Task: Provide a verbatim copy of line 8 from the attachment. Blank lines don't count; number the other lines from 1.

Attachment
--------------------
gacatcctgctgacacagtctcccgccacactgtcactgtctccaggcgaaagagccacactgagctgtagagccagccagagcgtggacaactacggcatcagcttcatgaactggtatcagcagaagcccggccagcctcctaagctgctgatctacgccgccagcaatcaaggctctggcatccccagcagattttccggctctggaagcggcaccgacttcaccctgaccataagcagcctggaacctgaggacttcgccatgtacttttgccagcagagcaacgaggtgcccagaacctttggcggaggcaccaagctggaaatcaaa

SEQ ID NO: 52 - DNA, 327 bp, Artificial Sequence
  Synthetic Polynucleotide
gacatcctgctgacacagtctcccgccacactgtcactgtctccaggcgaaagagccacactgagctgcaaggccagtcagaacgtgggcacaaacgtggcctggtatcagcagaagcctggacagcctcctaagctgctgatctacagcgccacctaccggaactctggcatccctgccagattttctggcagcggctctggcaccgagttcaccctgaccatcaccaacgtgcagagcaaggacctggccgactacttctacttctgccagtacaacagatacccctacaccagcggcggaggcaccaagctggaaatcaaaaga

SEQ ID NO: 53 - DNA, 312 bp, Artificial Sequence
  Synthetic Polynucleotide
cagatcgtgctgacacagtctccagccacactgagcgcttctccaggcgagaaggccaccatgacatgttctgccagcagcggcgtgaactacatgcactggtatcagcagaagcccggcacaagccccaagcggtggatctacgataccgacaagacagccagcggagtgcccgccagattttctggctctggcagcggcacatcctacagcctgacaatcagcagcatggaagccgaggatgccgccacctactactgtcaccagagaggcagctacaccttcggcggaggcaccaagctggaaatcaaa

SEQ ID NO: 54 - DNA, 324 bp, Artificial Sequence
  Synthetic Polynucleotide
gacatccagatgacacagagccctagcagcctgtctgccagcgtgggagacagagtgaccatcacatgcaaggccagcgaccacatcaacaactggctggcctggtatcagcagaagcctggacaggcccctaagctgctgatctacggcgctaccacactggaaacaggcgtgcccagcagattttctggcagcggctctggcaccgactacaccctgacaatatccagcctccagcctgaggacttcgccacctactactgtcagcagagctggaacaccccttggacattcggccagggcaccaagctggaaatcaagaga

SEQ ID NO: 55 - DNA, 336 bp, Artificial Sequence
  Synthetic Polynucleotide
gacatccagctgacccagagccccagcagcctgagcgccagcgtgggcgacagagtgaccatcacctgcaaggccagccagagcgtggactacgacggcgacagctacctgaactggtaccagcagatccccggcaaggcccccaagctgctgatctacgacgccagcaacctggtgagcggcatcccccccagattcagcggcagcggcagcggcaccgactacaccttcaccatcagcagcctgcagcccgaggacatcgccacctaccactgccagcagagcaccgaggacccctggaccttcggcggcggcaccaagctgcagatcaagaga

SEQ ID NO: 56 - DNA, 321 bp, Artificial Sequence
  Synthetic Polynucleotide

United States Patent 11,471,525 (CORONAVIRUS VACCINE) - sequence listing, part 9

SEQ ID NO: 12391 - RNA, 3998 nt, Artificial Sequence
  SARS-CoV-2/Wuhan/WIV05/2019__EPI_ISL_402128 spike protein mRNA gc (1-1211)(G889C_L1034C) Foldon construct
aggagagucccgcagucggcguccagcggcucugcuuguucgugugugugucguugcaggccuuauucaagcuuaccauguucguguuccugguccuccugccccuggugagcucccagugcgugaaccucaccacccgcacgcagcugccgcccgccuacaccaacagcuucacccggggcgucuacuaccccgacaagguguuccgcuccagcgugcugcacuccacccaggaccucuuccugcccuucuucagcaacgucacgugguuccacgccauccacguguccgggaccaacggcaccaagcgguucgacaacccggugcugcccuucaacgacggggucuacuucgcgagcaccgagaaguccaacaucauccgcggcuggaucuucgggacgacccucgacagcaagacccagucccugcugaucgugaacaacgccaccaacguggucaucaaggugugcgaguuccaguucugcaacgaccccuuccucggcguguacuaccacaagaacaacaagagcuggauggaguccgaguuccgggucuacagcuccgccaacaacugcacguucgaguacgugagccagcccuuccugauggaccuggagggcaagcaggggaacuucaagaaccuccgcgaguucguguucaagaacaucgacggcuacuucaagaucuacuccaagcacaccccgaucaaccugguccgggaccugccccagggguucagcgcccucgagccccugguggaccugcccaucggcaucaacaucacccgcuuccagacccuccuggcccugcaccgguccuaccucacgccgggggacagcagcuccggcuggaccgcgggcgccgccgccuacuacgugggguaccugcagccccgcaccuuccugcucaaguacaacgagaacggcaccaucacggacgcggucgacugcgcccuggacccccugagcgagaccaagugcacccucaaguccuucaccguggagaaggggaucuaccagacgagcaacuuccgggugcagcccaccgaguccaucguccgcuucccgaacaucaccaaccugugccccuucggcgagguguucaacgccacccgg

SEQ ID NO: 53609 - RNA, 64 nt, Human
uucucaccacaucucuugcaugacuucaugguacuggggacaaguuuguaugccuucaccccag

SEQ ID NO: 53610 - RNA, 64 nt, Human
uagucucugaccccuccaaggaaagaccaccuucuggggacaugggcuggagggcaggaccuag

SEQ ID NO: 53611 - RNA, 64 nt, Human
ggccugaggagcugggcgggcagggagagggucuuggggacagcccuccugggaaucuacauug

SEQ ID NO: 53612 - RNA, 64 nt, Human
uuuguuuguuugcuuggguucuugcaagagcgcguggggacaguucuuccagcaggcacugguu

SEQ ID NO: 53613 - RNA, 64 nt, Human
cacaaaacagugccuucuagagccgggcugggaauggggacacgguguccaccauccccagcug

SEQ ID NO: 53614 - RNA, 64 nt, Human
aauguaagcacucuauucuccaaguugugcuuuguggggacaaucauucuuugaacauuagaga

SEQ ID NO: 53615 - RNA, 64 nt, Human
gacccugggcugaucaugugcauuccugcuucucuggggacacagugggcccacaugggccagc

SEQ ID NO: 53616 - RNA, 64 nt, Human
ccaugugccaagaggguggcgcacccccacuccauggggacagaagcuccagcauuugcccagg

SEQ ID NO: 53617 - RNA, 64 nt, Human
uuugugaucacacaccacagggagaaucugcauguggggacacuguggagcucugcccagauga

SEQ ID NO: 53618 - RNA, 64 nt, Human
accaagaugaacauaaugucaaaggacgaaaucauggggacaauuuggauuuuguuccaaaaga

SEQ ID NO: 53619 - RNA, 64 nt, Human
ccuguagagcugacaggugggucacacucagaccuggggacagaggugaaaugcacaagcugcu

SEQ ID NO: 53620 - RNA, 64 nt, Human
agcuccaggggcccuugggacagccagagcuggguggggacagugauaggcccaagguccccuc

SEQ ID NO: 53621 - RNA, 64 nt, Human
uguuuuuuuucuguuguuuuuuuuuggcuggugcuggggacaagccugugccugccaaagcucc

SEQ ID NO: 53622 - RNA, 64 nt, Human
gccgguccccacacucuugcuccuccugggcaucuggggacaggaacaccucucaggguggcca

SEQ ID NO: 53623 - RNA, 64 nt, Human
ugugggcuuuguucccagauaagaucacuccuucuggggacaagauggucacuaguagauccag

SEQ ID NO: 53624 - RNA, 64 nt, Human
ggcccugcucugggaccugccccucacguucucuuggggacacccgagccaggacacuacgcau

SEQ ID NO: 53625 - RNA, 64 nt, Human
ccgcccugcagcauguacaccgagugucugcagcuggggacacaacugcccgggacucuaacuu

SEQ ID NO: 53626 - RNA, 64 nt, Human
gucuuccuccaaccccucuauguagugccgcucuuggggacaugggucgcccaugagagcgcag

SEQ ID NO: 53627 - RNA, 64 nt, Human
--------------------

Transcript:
SEQ ID NO: 54 - DNA, 324 bp, Artificial Sequence